Digital transformation as an overarching task

28 November 2018. The Cabinet of the German Federal Government has adopted the new Health Research Framework Programme (Rahmenprogramm Gesundheitsforschung) submitted by Federal Minister of Education and Research Anja Karliczek. The ten-year funding scheme defines the federal government’s health-research strategy, and aims to address key illnesses, to promote promising methods and technologies, and to establish an environment conducive to better research.

The programme is structured into two guiding themes (Leitlinien) and three action areas (Handlungsfelder). The themes “Making people the focus” and “Personalisation and digitisation as the keys” cut across all of the programme’s action areas.

The central action areas for future health-research policy are “Preventing and treating diseases”, “Advancing medical progress” and “Strengthening Germany as a centre for research”. The federal government’s goal is to leverage new developments faster, to the benefit of people. To this end, it is focusing on personalised medicine and digital innovation. Moreover, medical informatics and artificial intelligence are to be used to tap into the enormous volumes of data associated with medicine. Data analytics has the potential to advance research and improve healthcare.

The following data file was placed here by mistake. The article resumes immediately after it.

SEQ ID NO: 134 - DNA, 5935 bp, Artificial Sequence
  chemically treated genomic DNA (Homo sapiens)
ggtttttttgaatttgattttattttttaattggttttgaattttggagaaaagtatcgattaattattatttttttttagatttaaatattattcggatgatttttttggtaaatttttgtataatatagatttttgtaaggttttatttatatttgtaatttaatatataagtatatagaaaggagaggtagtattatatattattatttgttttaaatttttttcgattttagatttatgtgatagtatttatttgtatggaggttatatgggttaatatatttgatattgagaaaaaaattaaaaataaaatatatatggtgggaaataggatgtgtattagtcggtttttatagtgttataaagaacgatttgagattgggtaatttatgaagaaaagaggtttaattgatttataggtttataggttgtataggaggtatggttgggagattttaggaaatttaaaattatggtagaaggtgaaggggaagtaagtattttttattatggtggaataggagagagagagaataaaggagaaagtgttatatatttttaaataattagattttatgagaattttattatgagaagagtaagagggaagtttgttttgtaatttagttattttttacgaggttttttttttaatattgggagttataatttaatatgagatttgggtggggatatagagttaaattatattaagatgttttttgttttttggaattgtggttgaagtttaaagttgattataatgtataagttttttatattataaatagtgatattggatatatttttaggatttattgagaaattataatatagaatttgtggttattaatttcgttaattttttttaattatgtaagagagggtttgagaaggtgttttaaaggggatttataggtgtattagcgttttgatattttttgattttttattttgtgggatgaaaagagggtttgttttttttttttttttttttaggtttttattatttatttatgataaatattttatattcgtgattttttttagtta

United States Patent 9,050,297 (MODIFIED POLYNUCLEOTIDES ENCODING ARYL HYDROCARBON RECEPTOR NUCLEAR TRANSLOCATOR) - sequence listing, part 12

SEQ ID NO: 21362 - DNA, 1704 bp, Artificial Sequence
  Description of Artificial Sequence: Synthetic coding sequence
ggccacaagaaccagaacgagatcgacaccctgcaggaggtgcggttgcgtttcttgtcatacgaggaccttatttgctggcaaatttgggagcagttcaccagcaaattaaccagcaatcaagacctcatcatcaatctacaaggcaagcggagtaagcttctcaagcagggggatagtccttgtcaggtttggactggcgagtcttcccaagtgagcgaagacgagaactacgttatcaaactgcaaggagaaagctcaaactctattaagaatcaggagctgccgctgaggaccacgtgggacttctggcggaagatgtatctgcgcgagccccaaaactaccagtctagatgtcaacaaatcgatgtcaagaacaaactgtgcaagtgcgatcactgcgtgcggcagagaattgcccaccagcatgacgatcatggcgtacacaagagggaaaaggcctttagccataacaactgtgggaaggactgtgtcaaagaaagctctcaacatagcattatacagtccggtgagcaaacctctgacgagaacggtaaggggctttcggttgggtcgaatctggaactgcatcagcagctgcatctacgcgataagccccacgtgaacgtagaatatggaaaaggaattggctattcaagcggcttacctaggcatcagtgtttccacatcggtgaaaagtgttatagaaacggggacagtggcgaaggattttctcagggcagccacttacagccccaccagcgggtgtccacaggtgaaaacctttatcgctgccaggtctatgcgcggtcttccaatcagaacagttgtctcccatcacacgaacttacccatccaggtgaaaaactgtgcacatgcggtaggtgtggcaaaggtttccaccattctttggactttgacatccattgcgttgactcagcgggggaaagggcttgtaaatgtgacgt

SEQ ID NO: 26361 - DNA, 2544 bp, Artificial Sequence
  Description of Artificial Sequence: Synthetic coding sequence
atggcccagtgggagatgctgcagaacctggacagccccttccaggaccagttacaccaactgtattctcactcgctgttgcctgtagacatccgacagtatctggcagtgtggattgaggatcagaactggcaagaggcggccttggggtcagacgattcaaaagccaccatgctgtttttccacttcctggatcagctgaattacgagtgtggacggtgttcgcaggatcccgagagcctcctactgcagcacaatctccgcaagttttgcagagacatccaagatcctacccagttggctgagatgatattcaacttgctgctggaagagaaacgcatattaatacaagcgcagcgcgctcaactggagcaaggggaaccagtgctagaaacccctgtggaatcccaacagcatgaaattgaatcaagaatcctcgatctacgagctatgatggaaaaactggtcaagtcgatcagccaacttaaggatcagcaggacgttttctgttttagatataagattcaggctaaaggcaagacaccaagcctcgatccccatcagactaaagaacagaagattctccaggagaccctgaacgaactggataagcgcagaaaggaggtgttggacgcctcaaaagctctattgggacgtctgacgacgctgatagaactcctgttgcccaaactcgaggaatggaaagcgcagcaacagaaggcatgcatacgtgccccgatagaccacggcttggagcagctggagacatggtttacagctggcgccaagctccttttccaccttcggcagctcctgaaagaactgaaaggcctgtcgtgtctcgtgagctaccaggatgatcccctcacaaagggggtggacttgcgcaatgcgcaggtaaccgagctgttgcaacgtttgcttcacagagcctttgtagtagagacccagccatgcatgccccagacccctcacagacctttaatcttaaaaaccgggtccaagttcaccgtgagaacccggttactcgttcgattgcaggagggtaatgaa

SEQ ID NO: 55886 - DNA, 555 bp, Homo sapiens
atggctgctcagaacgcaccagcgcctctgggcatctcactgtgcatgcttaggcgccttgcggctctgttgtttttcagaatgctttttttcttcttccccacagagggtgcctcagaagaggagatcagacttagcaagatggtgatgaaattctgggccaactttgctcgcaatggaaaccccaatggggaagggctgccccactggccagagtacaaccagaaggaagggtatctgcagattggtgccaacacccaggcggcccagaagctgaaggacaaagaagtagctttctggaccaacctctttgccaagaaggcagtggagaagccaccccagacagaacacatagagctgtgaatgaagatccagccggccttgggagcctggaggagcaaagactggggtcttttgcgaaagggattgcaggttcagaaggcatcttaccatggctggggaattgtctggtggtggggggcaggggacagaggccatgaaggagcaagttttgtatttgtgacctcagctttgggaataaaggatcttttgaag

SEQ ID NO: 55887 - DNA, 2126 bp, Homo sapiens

The Medical Informatics Initiative, coordinated by TMF, has a central role in the programme in terms of research into the digital transformation of healthcare. In particular, research-compatible electronic patient records could improve the quality of research, enable a better understanding of the causes of diseases, and support the development of innovative concepts for prevention and treatment. At the same time, data protection and security in medical contexts are a top priority for the acceptance of data-driven research.

In terms of infrastructure, targeted funding for collaborative research will continue to strengthen interdisciplinary and cross-institutional cooperation and networking. Furthermore, reliable and effective infrastructures for research in the life sciences form a vital basis for excellent medical research. For example, developments in personalised medicine go hand-in-hand with new requirements, especially in terms of infrastructures for studies, financial and human resources, physical facilities, and quality assurance and management.